Dashboard Confidential
More fun with cars and trucks

By Dave Sweetman, columnist

Dragging cool cars around the country has its share of laughs.

I got an order to load an old fire truck for a collector. Calling the shipper the day before the scheduled pick up would allow him to get the vehicle gassed up, battery charged, and ready to load.

At least that was my intent. Upon arrival the next day, the kindly gent jerked his thumb toward the back 40 of the farm and told me his son was clearing out the nest of rattlesnakes. RATTLESNAKES? Yep! And momma just had lots of little babies. Those squirmy little critters were everywhere.

Now, I’m not scared of snakes, but that doesn’t mean I want to haul them. I respectfully declined loading the fire truck, as my other customers would be rather cranky if we missed a few and they found their way into new car territory. Not to mention the many places in my trailer for them to hide. That squawking sound you hear was me chickening out.

Another time, I had an order to pick up a vintage car for a young lady who had saved her lunch money to buy her dream car. She found it on an online car website, the pictures showing a complete car in good shape.

The seller told her the car needed a few minor touches. I arrive and the seller leads me to the field behind the house and points at the “prize.” One side looked good, but the other side was riddled with bullet holes, glass was shattered, and the engine compartment had been the object of someone’s bad temper.

I excused myself for a moment, went to the truck and called the lady, explaining the situation. She was upset over the deception, obviously. I then noticed the seller hooking a chain to the front end tugging it with the Farmall. Making it even more exciting, a big crash echoed across the field as the car broke in half.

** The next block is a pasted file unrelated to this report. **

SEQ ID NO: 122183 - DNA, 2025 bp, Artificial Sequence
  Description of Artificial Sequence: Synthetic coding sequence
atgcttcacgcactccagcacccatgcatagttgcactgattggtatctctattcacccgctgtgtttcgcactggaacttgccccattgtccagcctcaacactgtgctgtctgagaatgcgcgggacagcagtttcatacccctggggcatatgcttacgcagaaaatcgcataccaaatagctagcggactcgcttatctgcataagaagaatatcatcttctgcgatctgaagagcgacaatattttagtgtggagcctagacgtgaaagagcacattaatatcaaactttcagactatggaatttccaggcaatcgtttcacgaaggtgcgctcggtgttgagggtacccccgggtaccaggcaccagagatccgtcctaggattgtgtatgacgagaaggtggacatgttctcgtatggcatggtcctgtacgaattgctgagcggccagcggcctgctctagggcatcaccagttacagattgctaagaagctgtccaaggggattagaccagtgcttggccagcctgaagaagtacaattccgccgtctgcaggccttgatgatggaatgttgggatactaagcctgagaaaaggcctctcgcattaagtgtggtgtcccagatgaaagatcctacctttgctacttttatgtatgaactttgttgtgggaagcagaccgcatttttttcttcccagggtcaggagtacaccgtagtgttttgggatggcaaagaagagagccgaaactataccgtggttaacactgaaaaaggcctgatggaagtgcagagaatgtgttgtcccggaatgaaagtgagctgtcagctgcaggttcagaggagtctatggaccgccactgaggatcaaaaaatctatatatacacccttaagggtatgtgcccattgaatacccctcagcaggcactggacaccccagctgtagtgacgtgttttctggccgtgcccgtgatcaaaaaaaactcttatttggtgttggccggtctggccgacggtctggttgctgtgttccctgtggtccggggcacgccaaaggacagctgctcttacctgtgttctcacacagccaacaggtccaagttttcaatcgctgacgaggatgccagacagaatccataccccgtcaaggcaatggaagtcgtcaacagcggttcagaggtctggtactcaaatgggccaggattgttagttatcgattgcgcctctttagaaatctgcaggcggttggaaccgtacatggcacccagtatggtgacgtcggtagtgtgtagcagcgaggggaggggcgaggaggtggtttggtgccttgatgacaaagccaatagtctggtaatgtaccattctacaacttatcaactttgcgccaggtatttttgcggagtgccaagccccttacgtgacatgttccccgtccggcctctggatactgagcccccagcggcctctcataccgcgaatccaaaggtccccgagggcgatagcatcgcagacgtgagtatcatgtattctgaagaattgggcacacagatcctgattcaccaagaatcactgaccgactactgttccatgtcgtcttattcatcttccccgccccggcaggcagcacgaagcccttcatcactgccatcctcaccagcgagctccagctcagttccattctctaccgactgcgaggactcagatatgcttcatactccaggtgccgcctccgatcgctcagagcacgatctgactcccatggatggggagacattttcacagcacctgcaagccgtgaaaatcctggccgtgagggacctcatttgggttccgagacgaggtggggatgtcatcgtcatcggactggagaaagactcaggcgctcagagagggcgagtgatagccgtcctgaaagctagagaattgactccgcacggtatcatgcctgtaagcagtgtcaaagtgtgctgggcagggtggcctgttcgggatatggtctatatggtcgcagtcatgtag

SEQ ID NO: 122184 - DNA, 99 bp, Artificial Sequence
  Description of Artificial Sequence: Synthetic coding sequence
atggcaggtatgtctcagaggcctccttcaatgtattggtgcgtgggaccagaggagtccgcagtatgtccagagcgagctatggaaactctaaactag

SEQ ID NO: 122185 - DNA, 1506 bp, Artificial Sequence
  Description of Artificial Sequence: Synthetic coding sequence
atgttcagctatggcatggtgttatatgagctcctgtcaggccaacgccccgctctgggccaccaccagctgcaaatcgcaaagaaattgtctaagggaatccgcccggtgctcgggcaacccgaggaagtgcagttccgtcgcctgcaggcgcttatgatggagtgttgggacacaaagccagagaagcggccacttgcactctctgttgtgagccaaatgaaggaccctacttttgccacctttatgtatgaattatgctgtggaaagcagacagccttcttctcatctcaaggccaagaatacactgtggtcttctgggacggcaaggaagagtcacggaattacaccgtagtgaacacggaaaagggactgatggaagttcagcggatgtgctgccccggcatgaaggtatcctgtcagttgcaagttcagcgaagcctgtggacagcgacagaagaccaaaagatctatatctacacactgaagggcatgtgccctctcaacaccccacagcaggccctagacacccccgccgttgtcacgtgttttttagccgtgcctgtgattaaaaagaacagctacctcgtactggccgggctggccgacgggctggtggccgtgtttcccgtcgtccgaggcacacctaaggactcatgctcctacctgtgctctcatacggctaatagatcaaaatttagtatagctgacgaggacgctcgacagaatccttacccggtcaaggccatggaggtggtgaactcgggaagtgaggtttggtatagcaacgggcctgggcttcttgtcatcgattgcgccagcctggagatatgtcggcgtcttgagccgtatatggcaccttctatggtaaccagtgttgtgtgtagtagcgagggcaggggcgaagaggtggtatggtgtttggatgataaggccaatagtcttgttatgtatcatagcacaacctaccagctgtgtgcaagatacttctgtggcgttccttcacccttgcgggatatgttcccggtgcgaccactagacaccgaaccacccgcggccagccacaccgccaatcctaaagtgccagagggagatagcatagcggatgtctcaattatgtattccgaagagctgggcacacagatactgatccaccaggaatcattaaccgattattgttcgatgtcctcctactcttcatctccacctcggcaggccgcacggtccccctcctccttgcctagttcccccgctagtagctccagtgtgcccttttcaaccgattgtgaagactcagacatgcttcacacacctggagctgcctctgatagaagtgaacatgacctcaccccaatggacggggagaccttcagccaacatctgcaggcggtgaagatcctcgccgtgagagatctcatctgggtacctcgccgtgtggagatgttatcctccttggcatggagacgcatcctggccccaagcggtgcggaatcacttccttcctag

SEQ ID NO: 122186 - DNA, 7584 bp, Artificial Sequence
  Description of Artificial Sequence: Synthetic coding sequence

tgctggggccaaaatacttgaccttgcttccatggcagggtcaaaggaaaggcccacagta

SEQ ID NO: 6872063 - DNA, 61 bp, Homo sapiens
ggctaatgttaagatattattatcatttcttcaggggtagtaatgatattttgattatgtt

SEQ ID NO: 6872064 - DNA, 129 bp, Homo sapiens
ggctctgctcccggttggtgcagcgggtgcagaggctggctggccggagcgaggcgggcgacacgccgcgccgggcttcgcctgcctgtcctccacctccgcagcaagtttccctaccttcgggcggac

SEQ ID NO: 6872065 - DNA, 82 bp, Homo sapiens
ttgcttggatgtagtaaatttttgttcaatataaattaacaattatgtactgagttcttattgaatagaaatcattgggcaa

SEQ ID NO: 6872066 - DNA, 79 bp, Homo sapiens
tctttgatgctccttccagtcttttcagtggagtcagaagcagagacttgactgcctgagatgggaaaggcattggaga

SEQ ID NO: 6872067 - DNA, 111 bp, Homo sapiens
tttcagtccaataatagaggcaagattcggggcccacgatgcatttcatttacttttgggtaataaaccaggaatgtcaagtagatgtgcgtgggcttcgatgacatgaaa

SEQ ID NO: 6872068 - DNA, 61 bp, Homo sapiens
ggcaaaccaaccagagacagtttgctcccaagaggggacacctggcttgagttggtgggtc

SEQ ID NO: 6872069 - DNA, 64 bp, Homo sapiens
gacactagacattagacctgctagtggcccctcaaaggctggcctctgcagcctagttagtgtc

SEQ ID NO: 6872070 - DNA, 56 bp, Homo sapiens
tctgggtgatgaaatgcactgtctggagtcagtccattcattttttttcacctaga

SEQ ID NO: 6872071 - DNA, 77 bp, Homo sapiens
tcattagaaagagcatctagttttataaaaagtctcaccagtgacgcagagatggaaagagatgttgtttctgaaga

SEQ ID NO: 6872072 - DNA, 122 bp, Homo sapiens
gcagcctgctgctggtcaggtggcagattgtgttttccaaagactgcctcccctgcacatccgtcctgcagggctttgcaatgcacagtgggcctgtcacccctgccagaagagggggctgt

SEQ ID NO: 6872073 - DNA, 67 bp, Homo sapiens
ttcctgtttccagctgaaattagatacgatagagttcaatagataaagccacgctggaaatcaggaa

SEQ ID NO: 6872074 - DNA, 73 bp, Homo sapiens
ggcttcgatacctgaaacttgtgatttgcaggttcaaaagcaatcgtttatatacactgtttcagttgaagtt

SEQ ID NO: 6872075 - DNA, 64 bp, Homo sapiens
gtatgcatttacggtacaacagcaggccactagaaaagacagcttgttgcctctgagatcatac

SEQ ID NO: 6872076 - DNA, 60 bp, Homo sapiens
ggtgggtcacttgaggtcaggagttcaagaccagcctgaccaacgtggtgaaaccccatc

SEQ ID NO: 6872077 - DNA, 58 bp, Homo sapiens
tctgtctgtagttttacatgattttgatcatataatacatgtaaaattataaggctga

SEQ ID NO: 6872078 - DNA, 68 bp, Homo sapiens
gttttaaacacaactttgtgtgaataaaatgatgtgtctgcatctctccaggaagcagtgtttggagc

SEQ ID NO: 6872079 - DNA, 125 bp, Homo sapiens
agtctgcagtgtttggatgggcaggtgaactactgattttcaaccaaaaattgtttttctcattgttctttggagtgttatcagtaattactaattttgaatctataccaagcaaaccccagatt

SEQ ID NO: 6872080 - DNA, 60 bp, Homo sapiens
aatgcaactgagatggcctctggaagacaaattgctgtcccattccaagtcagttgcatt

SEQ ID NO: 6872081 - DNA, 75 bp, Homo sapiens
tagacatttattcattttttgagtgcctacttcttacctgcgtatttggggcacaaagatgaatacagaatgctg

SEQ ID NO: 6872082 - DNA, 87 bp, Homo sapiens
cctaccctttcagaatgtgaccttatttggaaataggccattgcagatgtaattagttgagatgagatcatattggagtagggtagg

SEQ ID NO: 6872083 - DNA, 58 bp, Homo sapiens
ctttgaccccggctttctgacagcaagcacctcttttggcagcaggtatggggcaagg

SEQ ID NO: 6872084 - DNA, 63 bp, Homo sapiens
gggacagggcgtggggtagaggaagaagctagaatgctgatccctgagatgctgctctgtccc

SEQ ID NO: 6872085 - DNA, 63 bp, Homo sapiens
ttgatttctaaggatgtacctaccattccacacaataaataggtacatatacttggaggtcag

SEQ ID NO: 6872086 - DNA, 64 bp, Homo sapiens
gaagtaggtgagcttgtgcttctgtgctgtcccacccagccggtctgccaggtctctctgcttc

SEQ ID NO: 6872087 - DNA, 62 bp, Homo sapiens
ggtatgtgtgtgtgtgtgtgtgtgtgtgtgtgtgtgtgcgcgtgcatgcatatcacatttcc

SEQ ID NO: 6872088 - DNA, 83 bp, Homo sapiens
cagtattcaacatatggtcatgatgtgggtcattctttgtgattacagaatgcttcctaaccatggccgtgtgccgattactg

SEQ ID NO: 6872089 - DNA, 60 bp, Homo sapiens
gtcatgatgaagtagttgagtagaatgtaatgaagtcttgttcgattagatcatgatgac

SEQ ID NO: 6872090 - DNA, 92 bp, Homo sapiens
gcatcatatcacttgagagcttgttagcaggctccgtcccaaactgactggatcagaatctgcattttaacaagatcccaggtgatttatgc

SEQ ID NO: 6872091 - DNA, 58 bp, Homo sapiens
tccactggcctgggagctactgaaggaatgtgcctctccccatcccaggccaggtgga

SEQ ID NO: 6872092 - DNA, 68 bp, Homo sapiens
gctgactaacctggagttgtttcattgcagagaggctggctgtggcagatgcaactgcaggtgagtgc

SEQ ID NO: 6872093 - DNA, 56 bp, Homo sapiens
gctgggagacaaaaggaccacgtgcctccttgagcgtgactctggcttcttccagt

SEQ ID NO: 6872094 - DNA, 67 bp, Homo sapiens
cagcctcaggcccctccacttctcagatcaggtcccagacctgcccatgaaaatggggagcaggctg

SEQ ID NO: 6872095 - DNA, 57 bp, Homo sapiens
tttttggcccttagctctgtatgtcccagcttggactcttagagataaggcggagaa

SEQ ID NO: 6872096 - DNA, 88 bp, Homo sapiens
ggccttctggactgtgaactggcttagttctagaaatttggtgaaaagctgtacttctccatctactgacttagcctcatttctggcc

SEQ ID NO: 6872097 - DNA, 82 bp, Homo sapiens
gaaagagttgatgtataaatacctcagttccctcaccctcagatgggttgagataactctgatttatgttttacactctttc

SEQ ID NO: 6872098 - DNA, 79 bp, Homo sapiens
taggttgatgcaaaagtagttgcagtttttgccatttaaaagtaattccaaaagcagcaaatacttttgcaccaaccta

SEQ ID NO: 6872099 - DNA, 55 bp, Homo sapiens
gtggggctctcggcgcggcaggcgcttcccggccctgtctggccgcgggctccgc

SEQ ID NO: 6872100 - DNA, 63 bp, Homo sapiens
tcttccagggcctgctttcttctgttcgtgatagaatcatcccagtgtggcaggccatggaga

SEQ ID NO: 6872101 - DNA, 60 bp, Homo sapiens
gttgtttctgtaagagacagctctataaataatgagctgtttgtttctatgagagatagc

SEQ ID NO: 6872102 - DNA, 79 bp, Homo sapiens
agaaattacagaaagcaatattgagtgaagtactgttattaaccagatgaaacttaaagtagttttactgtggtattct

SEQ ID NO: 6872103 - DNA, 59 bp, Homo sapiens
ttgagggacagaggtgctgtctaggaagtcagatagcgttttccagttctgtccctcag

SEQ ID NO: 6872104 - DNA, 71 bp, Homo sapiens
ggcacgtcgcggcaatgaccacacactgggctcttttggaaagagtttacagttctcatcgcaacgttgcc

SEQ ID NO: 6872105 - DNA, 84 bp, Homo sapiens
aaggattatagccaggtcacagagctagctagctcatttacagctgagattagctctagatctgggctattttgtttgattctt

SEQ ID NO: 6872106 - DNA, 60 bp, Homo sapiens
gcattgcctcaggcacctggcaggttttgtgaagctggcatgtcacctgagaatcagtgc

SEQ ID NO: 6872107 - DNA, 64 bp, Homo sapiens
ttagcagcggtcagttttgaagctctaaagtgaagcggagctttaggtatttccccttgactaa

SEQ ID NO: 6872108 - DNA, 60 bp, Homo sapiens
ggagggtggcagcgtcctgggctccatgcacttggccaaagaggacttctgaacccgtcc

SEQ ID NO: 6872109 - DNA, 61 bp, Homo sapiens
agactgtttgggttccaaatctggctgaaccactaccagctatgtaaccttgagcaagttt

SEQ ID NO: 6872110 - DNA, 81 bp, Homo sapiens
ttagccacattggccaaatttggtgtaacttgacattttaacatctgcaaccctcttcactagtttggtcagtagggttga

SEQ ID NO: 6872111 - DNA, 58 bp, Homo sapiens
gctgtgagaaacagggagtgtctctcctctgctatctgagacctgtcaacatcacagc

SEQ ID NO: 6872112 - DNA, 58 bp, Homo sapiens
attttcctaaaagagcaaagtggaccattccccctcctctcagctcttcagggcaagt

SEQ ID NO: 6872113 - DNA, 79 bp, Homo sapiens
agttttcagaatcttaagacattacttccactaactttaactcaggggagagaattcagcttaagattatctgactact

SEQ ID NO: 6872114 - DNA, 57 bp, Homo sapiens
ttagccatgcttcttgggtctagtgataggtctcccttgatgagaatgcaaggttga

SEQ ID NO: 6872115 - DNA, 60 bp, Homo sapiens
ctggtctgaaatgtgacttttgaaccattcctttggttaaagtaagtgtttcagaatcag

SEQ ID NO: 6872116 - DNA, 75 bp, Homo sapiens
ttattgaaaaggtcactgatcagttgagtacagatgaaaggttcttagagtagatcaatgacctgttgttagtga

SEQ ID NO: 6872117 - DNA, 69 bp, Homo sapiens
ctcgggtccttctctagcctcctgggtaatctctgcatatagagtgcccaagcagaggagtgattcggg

In a sorry example of humor, I told her that as the car was in two pieces I would have to charge her a two-car rate. She laughed, then cried, then laughed.

After some banter between shipper and buyer, he did the right thing and promised to return her money.

On a more positive note, I went to Kansas to a restoration shop to load a freshly done Model A Ford that was showroom new. I was given strict orders to speak only with a lady at a certain phone number and no one else. Great … James Bond bought a Model A, I guess.

The day before the arrival, I called and the lady asked if I could be there at noon the next day but to park two houses up from their address. I agreed. I could see it coming.

When I eased up the street, the man of the house was up on a ladder cleaning gutters. I parked where I was told and prepared to unload and heard the man say, “Oh look, honey … the neighbor got an antique car.” I prepared to offload, and the neighbors and the unsuspecting fellow crowded around.

The gentleman made a comment that his dad had one just like it when he was a kid. The wife bit her lip and winked at me as I backed the car off. I handed her the ignition key and she turned and handed it to her husband. She then told the crowd that she had tracked down the very car his dad owned in Kansas and had it restored for him.

He had no clue. There was not a dry eye in the crowd. The man just beamed and said he couldn’t believe it, over and over. All of the neighbors got a ride; I got a hug.

I looked skyward and said, “Beam me up, Scotty; my work here is done.” It doesn’t get better than that. LL